Fox’s version of ‘Christmas Story’ fails to excite viewers
NEW YORK (AP) — To judge by the collective shrug that viewers greeted Fox’s performance of “A Christmas Story Live!,” the fascination with live theater on television may have run its course.
The Nielsen company said that Fox’s telecast was seen by 4.52 million viewers on Sunday night. That’s lower than any of the live plays that have been shown on broadcast television since NBC kicked off the trend in 2013 with “The Sound of Music.”
That 2013 performance was such an unexpected smash, with 18.6 million viewers, that it sent TV networks looking for other plays or musicals to adapt for the small screen. Since then, there have been adaptations of “Peter Pan,” ″The Wiz,” ″Hairspray” and “Grease.”
“A Christmas Story Live!” was crushed in the ratings by NBC’s airing of an NFL game between Dallas and Oakland, Nielsen said. But it also proved less popular than anything on CBS’ Sunday night lineup, and a rerun of the 1965 movies for “The Sound of Music” that aired on ABC.
Fox notes that the show still did better than its typical Sunday night fare. The network is moving ahead with its plans to air a version of “Rent” in 2019. This was the first time since 2013 that NBC did not show a live theater performance during the holidays, as production of “Bye Bye Birdie” starring Jennifer Lopez was delayed. NBC is also making “Jesus Christ Superstar” for next spring, and on Tuesday announced that singer John Legend will play the title role.
Last week was a big one for CBS late-night star Stephen Colbert, who recorded his best weekly ratings since his show’s debut week in 2015, Nielsen said. Friday’s show with Jodie Foster had a bigger audience than any other Colbert show on a Friday night. Colbert averaged 3.38 million viewers last week, compared to Jimmy Fallon’s 2.56 million on NBC and Jimmy Kimmel’s 2.12 million on ABC, Nielsen said.
For the third straight week since the firing of Matt Lauer and his temporary replacement by Hoda Kotb as anchor, NBC’s “Today” show won in the morning ratings. It’s the first time that “Today” has had a three-week winning streak since the Rio Olympics.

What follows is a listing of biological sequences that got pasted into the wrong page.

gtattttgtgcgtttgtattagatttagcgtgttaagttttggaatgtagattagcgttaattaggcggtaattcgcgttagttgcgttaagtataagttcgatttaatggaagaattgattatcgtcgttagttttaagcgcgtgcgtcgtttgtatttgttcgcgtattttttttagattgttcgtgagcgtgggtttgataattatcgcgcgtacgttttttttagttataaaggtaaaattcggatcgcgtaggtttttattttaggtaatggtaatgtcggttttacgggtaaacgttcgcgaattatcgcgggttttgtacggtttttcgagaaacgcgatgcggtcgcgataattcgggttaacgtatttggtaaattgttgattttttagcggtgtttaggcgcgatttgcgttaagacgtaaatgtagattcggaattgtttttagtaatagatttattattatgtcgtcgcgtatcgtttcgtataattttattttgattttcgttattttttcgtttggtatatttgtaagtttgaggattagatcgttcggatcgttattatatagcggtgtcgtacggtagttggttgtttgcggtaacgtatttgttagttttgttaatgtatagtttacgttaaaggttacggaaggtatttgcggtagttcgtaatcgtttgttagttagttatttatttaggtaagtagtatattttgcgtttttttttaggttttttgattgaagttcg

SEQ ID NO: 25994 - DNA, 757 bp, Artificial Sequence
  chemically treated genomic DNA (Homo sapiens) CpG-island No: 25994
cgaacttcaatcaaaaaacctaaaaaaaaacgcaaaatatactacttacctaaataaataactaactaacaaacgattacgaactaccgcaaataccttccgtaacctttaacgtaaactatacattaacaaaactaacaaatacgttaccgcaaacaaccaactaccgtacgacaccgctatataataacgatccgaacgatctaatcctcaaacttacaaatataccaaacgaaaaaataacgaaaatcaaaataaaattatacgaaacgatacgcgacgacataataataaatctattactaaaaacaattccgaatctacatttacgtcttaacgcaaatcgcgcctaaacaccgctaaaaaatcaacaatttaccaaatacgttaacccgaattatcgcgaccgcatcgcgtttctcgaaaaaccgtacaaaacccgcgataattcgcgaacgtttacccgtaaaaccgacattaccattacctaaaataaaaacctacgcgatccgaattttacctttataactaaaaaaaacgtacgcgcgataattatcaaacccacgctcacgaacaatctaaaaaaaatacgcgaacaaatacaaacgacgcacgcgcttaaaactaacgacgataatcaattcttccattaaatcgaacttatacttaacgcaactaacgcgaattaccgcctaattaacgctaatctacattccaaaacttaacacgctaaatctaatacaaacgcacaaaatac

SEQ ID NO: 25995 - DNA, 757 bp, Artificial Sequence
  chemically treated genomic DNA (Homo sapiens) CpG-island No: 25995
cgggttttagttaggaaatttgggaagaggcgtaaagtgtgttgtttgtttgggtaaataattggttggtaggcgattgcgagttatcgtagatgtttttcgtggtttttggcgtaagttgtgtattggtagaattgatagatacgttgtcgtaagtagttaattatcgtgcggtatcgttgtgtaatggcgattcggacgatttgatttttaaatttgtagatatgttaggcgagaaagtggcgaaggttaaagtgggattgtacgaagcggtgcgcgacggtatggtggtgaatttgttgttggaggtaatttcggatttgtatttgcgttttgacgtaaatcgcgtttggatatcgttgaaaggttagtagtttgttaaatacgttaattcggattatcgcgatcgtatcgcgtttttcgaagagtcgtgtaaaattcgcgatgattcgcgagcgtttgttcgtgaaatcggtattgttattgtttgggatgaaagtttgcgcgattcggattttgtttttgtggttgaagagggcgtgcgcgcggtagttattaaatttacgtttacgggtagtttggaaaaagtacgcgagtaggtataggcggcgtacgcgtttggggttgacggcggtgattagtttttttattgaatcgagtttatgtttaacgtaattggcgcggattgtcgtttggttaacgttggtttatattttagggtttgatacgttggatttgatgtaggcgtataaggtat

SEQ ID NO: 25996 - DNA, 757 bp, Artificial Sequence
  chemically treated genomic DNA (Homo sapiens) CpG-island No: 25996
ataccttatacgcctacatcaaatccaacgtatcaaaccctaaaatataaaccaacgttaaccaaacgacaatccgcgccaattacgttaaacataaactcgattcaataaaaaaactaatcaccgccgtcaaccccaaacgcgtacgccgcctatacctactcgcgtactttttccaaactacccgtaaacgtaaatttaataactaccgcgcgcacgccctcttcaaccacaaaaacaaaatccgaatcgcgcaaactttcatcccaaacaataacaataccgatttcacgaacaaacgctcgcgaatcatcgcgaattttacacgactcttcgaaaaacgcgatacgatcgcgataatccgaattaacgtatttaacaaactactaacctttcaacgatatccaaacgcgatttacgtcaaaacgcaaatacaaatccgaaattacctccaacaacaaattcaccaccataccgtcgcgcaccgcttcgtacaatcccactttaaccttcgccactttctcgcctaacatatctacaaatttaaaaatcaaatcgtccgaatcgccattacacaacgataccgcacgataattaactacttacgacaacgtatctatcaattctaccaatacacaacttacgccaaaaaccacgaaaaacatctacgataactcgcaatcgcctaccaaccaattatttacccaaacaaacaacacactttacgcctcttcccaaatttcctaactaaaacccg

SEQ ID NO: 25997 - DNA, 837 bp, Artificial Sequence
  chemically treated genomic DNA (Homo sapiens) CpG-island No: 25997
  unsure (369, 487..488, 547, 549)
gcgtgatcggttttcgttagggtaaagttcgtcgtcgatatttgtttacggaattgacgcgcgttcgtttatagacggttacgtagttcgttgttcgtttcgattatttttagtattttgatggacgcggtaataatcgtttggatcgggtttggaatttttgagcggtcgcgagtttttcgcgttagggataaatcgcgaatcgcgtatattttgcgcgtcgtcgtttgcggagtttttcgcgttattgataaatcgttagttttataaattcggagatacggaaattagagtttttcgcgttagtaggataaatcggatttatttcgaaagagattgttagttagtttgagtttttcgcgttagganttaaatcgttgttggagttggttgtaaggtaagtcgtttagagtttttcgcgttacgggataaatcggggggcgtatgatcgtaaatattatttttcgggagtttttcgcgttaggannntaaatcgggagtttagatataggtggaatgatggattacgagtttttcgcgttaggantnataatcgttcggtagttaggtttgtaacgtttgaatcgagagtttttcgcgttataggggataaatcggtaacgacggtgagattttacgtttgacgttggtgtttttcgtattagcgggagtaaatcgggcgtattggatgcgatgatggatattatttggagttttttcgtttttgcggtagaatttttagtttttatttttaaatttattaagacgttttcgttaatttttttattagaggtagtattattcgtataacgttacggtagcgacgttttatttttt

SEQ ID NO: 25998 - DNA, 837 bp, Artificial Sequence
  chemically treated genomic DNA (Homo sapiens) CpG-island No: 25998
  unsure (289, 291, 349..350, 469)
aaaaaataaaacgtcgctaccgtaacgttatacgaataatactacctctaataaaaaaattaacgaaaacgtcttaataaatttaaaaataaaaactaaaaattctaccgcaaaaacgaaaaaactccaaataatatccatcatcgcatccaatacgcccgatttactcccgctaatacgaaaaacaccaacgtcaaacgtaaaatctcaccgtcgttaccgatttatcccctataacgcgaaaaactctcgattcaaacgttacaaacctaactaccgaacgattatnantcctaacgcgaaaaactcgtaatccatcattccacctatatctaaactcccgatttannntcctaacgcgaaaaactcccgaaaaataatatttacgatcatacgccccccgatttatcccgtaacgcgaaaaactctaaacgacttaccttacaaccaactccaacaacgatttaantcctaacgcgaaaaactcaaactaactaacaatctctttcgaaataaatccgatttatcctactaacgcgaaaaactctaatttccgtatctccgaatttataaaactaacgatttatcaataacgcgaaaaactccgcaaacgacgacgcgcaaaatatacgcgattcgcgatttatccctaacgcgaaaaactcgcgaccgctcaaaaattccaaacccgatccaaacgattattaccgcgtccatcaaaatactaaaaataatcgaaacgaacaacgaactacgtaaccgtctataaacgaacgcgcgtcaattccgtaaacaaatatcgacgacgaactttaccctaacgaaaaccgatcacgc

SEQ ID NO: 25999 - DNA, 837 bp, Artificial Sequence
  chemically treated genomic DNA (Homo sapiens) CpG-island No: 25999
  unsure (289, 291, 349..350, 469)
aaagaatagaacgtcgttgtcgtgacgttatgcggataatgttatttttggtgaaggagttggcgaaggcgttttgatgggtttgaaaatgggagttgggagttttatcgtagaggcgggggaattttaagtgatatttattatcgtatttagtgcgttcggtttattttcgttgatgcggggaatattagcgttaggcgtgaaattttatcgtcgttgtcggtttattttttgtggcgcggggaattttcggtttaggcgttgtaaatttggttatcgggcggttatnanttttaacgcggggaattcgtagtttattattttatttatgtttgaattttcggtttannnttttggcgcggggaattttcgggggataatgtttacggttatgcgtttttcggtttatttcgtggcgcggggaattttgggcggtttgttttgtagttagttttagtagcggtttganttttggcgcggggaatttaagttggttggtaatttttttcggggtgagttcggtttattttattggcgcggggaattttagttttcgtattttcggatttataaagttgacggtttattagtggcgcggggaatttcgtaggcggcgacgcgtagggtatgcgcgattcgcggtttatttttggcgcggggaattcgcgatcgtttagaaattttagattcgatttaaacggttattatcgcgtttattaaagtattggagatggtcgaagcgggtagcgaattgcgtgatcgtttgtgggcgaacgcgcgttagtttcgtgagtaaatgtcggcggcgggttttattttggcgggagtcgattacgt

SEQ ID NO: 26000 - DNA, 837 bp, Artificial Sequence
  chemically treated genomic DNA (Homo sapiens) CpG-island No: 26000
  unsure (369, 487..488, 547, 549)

CBS won the week in prime-time, averaging 7.9 million viewers. NBC had 7.8 million, ABC had 3.5 million, Fox had 3.3 million, Univision had 1.4 million, ION Television had 1.3 million, while Telemundo and the CW were tied with 1.1 million.
ESPN was the most popular cable network, averaging 2.66 million. Hallmark averaged 2.52 million, Fox News Channel had 2.43 million, MSNBC had 1.96 million and Freeform had 1.42 million.
ABC’s “World News Tonight” topped the evening newscasts with an average of 9.3 million viewers. NBC’s “Nightly News” was second with 8.9 million, and the “CBS Evening News” had 6.7 million.
For the week of Dec. 11-17, the top 10 shows, their networks and viewerships: NFL Football: Dallas at Oakland, NBC, 19.19 million; “60 Minutes,” CBS, 14.42 million; “The Big Bang Theory,” CBS, 13.74 million; “Sunday Night NFL Pre-Kick,” NBC, 13.31 million; “NCIS,” CBS, 12.58 million; NFL Football: New England at Miami, ESPN, 11.85 million; “Young Sheldon,” CBS, 11.64 million; “Bull,” CBS, 10.87 million; NFL Football: Denver at Indianapolis, NBC, 10.64 million; “The Voice” (Monday), NBC, 10.45 million.
ABC is owned by The Walt Disney Co. CBS is owned by CBS Corp. CW is a joint venture of Warner Bros. Entertainment and CBS Corp. Fox is owned by 21st Century Fox. NBC and Telemundo are owned by Comcast Corp. ION Television is owned by ION Media Networks.
To judge by the collective shrug that viewers greeted Fox’s performance of “A Christmas Story Live!,” the fascination with live theater on television may have run its course.
The Nielsen company said that Fox’s telecast was seen by 4.52 million viewers on Sunday night. That’s lower than any of the live productions that have been shown on broadcast television since NBC kicked off the trend in 2013 with “The Sound of Music.”
That performance was an unexpected smash, reaching 18.6 million viewers, and sent TV networks scurrying for other plays or musicals to adapt for the small screen.
But “A Christmas Story Live!” was beaten by an NFL game between Dallas and Oakland, CBS’ Sunday lineup and even ABC’s rerun of the 1965 movie version of “The Sound of Music.”